I was dismounting (with customary flair) outside my office the other morning, when I was approached by the owner of our on-site café. He sidled up to me with his usual air of faux bonhomie¹ querying the lack of gears on my bike, my inadequate clothing and my mental state. Apparently cycling in London, especially when it’s so cold, makes me a ‘total nutter haha ha,’ and the fact that I choose to ride singlespeed, makes things even worse. Sadly, his opinion isn’t exactly atypical, and it got me thinking (as I thawed my toes out in the shower), am I a little bit mental for doing this?
It’s been a tough week for London cyclists; two more of our number were fatally injured in collisions, both involving HGV’s, and one not two minutes away from my office. Such incidents are sobering at best (and there have been far too many involving HGV’s in the last few years). Coming only a few months after my own little prang they’ve proved to be food for thought. So, are those of us that brave London’s congested, polluted and cratered roads every day in every weather, mad or just foolish?
There were times in October (after my little run in with a car)², when I was drugged up, housebound and feeling more than a little sorry for myself, that I seriously questioned whether or not I would ever get back on the bike. Outwardly I was bullish and insistent, especially in the face of concerns voiced by my loved ones, particularly Yasmin, who’d seen me in hospital having dashed, panic-stricken across London after she picked up a rather ambiguous voicemail. Inwardly I was in turmoil, and worried that I’d never get back on the bike. Was I mad for mixing with all that traffic, would I be better off taking the tube, or perhaps just restricting riding to the Summer, when the light’s better and the weather warmer? Was I irresponsible for putting my family through all this, and of course, what would have happened if I’d been hit by a truck? In the end I got away with a broken clavicle, and I’ve seen and heard of far worse injuries than that on the Rugby or Football field.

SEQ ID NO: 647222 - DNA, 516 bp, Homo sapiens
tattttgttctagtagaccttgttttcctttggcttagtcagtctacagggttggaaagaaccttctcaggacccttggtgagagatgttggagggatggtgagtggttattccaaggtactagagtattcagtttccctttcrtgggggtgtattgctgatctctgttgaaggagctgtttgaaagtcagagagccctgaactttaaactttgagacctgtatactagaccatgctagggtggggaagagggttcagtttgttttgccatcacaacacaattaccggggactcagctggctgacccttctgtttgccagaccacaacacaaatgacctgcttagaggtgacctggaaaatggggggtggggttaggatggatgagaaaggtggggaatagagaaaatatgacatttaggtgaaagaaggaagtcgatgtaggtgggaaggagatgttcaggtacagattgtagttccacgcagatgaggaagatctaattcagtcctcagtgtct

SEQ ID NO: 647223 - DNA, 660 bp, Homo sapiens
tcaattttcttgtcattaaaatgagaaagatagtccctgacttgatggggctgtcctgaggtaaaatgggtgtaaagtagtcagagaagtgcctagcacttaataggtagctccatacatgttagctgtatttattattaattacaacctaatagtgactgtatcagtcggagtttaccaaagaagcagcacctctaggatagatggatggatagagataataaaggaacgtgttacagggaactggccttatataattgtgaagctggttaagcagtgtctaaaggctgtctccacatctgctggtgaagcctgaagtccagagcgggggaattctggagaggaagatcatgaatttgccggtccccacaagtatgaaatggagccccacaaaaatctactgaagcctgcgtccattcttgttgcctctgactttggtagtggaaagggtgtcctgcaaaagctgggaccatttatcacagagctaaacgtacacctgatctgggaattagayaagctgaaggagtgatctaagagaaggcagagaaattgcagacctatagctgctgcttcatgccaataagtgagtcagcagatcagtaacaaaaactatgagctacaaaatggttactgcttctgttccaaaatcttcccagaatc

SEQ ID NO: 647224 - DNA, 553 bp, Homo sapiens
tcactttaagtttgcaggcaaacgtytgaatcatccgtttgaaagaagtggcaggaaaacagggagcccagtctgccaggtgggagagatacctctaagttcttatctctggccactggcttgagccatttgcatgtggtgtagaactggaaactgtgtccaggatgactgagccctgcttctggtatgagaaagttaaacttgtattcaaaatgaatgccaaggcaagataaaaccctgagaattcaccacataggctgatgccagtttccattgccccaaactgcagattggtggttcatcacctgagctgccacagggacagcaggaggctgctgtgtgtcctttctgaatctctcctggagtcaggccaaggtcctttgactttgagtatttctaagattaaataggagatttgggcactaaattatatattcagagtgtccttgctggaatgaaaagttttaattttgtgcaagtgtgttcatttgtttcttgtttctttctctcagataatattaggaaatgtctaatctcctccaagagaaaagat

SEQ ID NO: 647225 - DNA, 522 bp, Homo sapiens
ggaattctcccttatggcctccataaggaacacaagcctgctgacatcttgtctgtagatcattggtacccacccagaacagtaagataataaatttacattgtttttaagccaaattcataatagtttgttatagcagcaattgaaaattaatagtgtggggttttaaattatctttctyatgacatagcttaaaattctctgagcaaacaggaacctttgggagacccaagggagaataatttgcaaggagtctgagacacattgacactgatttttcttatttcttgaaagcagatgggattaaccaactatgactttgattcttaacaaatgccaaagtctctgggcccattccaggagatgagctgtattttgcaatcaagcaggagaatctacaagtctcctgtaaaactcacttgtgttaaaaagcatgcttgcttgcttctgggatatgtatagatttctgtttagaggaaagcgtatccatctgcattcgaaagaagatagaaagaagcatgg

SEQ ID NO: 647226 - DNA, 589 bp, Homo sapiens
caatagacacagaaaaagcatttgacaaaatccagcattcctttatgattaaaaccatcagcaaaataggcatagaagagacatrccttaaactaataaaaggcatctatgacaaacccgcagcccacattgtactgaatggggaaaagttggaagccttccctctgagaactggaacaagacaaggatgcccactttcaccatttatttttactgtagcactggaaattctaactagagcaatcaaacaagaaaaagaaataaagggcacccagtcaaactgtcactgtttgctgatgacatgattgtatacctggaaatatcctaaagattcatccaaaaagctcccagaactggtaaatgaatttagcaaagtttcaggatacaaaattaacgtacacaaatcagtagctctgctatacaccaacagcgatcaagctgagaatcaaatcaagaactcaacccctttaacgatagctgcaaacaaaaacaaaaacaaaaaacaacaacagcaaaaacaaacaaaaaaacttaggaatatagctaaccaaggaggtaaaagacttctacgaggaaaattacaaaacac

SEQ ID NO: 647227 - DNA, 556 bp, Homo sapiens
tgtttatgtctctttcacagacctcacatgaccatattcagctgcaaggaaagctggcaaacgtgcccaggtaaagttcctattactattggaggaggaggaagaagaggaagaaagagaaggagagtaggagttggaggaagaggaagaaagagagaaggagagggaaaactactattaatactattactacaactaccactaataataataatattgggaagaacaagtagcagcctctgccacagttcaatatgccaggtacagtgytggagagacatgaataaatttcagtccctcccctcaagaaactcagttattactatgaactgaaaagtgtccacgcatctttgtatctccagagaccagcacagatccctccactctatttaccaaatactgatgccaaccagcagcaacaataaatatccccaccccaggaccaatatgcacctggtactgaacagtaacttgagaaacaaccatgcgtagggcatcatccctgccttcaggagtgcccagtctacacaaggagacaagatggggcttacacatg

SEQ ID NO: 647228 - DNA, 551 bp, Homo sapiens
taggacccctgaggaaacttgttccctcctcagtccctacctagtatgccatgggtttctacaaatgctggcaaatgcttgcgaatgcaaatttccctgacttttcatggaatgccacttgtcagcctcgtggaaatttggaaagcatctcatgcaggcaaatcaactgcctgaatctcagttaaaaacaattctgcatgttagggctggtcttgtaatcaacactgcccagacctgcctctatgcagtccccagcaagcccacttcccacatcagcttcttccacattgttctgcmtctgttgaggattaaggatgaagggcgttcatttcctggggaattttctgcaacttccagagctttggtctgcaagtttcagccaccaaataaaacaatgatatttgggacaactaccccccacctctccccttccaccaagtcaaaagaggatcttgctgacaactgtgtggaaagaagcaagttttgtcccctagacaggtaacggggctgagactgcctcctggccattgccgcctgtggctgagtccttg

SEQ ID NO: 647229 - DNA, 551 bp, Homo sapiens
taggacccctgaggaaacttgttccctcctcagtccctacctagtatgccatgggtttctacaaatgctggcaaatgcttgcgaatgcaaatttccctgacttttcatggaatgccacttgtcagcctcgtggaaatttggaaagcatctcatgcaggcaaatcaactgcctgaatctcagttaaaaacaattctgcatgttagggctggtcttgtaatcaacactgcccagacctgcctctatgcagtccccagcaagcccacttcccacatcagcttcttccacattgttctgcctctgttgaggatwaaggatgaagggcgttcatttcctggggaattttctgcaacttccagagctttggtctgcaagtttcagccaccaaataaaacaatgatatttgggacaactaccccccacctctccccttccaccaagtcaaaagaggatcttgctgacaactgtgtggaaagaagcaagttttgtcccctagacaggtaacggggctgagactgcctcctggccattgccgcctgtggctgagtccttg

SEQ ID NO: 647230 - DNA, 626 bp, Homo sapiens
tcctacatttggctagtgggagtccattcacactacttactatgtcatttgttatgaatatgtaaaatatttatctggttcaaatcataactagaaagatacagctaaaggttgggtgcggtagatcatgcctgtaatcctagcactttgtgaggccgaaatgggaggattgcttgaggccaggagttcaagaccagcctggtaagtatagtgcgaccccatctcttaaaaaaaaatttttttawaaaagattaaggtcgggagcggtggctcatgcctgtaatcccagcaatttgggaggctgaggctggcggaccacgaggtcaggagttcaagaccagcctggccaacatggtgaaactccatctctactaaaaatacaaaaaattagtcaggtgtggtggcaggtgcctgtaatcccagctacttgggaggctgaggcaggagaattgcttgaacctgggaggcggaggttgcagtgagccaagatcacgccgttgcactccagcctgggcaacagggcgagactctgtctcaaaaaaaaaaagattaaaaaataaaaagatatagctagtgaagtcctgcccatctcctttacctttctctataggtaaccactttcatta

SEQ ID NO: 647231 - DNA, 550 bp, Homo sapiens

Despite my experience I really don’t consider cycling in London to be a dangerous activity, but I don’t want to get into the safety arguments in this blog, we’ll leave that for another time – suffice to say that I think the stats back me up on this one. In the end there were two³ factors that decided things for me. The first was the miserable three months I spent commuting via public transport; the second was the foul mood not being able to cycle put me in. I missed riding. I craved the freedom, the convenience, the speed, the sheer joy of being on a bike. Having all that taken away from me was pretty much the worst part of the whole experience.
So that’s what it boils down to, for me at least. You may look at cyclists as they cruise past your bus/car/queue in the pouring rain, or the bitter winter wind, you may shift your girth awkwardly in your cramped plastic seat, raise your head from your neighbour’s unwashed armpit, or think as you sink into the stinking maw of the Underground, ‘bloody nutters,’ but I promise you this – we’d all rather be in the saddle than in your shoes; we’re having fun, despite the traffic, and the occasional hairy moments. How many non-cycling Londoners can honestly say they look forward to their commutes? Does this make us mental? Well maybe it does, but you know what, I’ll take mental if this is what it feels like.
So the next time some heifer stands on your toe in a crowded carriage, or a halitosis ridden Aussie screams ‘can you move down please’ into your face at 8am, or you get to the station and find it closed, why not make the sensible decision and get on your bike. You’ll be all the happier for it.
¹ he’s actually an utter c*nt.
² a Ford Ka to be precise, not an HGV thank God.
³ ok 3, If I didn’t cycle I’d have to cut back on the food and beer or become fat, and I don’t want to do either.*
* ok 4, most of my spare income over the last few years has been ploughed into bike stuff, I couldn’t bear to see all that go to waste…